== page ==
Before we get to market news, the big item this morning is that the tax credit for first-time homebuyers, set to expire on Nov. 30, is likely to be extended into April 2010, according to the office of Senate Majority Leader Harry Reid. 

The Wall Street Journal reports: “The agreement would extend the existing credit for first-time home buyers, worth up to $8,000, while offering a new credit of up to $6,500 for some existing homeowners, Senate aides said. The reduced credit would be available to all home buyers who have been in their current residence for a consecutive five-year period in the past eight years.”

Now, on to markets… Equities were slashed yesterday after the new home sales report posted an unexpected 3.6% decline for September. The S&P 500 fell 1.95%, the Nasdaq shed 2.67%, and the Dow moved further south from the 10k mark as it fell 1.21% to 9,762.69.

This morning, ahead of the first look at Q3 GDP, markets are cautious but generally looking up. That’s not bad considering economists at Morgan Stanley, BofA-Merrill Lynch, and Goldman Sachs all reduced their estimates for the preliminary survey earlier in the week.

Meanwhile, the US$ index is weaker after a 5-day rally, WTI Crude is up 40 cents to $77.86 per barrel, and Spot Gold is $7.20 higher at $1035.30.

Key Events Today:

8:30 ― Economists have high expectations for third-quarter GDP. Not only is output expected to be positive, thereby confirming that the recession is, technically, “over,” but the Street’s forecast is +3%, with estimates ranging as high as +4%. Not bad for an economy declining at a rate of 6.4% from January to March.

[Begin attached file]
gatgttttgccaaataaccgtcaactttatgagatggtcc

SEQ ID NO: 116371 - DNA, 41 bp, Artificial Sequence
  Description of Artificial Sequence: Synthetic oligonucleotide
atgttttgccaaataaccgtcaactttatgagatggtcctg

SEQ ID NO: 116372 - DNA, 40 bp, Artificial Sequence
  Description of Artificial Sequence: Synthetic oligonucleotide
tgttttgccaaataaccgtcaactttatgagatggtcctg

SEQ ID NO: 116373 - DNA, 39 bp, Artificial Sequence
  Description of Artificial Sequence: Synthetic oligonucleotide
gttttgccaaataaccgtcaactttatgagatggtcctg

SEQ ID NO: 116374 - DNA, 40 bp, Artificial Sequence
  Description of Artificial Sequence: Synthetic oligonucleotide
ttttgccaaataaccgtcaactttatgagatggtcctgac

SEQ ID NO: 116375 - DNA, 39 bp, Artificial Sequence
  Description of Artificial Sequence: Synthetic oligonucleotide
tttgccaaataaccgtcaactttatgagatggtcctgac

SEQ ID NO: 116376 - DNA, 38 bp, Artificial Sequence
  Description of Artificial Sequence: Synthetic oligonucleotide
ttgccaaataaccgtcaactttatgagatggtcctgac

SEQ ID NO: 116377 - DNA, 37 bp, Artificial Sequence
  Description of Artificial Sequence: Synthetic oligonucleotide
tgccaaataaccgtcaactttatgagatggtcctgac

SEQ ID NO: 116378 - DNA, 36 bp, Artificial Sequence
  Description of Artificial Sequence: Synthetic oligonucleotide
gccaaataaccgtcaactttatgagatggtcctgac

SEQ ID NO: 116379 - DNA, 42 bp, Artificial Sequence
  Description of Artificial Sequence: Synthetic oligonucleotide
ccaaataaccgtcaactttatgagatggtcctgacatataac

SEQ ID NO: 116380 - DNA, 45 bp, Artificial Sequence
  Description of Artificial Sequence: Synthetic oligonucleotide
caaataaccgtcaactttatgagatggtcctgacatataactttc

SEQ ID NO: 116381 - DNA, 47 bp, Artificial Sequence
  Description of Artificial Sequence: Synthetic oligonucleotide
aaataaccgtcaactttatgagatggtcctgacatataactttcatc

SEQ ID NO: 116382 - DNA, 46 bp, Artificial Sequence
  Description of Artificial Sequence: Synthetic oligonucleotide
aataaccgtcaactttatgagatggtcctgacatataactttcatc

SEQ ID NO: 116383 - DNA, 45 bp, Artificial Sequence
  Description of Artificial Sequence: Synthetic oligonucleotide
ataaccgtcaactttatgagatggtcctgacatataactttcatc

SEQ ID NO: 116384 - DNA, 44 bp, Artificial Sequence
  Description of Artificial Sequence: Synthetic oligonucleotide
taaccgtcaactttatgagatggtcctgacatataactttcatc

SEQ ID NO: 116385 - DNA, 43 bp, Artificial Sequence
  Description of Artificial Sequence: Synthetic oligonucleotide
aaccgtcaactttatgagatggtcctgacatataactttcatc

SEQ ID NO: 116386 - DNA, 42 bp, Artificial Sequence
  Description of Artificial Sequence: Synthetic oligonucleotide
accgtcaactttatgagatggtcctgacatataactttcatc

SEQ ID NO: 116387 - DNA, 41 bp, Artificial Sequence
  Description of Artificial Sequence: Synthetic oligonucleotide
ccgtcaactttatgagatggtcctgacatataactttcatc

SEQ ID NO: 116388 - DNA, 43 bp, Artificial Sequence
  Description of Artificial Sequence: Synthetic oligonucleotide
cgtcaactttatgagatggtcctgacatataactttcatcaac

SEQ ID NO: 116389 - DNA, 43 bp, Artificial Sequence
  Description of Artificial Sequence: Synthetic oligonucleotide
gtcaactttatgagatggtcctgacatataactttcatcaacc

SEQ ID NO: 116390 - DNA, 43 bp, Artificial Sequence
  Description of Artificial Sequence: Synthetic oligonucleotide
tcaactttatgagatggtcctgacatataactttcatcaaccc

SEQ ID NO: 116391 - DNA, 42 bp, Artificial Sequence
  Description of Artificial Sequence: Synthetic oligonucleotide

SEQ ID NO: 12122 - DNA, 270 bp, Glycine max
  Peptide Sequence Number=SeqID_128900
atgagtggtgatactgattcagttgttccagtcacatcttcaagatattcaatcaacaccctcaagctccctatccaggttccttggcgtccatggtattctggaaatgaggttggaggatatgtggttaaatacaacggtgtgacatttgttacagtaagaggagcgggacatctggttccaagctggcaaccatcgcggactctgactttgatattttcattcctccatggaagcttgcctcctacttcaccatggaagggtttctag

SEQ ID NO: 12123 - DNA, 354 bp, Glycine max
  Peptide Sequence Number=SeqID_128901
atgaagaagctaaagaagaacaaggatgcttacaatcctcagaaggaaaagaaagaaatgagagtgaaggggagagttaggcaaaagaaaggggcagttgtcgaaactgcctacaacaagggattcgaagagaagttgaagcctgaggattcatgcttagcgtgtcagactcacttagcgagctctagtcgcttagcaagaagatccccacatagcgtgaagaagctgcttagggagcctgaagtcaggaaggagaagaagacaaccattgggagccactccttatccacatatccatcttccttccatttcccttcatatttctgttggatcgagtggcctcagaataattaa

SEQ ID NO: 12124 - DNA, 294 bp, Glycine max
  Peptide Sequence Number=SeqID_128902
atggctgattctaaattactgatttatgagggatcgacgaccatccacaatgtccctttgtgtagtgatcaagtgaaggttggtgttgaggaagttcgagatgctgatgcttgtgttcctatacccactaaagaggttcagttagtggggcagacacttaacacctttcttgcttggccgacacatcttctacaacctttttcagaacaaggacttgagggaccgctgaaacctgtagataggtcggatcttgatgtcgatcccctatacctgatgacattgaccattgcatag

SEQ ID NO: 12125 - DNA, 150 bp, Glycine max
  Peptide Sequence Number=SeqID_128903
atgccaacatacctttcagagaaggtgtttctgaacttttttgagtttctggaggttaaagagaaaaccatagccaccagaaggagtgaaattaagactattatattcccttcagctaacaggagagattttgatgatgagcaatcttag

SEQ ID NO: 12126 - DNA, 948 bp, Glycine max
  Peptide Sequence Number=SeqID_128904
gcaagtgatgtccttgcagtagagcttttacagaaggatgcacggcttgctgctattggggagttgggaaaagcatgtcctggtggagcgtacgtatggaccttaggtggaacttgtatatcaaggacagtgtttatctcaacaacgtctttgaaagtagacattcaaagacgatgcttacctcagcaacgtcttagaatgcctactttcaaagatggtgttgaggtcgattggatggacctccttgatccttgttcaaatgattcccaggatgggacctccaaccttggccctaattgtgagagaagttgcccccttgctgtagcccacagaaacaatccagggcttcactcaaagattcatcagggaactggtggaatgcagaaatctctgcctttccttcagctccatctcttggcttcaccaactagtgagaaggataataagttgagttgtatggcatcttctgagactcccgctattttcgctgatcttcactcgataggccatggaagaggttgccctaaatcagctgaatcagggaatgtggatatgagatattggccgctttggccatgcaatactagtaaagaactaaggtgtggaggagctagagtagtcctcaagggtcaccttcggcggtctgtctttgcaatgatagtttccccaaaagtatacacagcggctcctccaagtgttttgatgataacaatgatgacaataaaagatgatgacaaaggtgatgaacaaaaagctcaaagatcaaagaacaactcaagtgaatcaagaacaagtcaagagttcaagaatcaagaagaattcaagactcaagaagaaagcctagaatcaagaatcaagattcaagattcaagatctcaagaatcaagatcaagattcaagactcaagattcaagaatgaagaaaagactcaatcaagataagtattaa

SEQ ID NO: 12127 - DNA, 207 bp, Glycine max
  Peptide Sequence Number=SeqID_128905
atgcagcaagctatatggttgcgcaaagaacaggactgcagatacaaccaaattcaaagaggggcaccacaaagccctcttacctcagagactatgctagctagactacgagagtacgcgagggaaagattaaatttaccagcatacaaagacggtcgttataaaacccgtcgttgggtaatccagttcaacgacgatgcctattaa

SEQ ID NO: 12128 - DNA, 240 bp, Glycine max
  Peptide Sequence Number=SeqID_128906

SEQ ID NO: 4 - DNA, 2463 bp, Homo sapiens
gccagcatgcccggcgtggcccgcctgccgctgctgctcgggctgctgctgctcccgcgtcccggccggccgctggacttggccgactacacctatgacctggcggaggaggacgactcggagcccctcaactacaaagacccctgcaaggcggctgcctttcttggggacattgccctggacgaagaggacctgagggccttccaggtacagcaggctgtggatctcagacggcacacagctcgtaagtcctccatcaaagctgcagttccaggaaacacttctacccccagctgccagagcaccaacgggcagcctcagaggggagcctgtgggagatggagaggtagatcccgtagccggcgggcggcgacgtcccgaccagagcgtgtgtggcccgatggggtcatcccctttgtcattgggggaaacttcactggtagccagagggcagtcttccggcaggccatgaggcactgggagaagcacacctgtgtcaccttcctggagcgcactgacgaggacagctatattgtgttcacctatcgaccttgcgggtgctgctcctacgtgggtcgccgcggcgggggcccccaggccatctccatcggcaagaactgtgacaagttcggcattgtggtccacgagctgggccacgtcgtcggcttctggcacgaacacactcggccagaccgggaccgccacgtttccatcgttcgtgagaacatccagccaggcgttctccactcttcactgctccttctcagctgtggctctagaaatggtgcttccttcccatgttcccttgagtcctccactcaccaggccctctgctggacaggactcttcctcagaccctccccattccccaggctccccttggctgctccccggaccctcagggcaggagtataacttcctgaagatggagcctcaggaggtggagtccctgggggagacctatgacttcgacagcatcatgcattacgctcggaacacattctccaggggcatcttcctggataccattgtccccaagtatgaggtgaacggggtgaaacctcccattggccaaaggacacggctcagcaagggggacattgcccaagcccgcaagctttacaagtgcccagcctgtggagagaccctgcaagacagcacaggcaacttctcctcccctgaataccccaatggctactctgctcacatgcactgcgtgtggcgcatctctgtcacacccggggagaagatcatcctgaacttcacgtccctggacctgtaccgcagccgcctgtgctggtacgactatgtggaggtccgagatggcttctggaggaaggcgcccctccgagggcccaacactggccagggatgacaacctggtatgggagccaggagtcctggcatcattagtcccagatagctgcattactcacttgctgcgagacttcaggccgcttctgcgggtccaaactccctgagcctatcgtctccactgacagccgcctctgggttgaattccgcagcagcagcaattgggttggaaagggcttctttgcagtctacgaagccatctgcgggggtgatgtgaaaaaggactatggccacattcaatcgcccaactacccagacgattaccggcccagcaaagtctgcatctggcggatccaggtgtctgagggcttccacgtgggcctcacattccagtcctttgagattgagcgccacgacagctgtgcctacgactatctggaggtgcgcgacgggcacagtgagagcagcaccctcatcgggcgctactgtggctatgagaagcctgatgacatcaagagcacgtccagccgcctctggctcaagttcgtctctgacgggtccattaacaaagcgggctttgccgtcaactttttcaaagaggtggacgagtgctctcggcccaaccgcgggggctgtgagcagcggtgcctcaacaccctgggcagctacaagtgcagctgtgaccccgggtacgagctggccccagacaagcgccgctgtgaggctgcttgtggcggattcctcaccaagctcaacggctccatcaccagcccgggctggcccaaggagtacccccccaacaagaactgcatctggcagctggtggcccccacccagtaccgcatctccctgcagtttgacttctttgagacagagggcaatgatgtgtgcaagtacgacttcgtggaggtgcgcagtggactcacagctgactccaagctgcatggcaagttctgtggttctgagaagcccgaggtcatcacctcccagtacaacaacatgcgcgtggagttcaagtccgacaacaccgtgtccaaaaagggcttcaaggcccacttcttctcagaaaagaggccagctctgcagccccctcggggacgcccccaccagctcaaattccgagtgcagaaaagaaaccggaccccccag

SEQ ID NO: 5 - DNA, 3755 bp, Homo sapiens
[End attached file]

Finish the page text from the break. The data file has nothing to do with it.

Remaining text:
“We think the economy expanded at a 3.7% rate,” said Ian Shepherdson from High Frequency Economics. “Consumption led the way with a clunker-boosted 3.2% gain. Fixed investments should be up 6.0%, but a $130 billion drop in inventories with add 1.0 percentage point to growth. Net foreign trade should subtract 1%, with exports up 14% but imports up 18%.” He adds: “Government spending should rise about 4%.”

Economists at IHS Global Insight are more optimistic than the Street; unfortunately, they believe the gains are based on temporary boosts. “The economy probably grew more than 4% in the third quarter, pumped up by inventories, cash for clunkers, and the tax credit for first-time homebuyers,” they wrote. “These are not the ingredients needed to support a V-shaped recovery. Indeed, IHS Global Insight expects the economy to grow just over 2% in 2010.”

8:30 ― Average initial Jobless Claims have been 525k so far in October, compared with 549k in September and 569k in August. So a clear downward trend is taking place even though last week’s figure jumped 11k to 531k. But the moderation isn’t happening quickly enough for the recovery to dispel the reputation for being a jobless one. Economists believe weekly claims must be closer to 350k per week to indicate any significant job creation.

“We look for initial claims to reverse the previous week’s 11k increase with a 16k decline, leaving the resulting 515k the lowest since January,” said Jennifer Lee at BMO Capital Markets. “Regardless of the week’s move, it is the trend that counts and so far, it is headed in the right direction ― which is south.”

  • Treasury Auctions:
  • 1:00 ― 7-Year Notes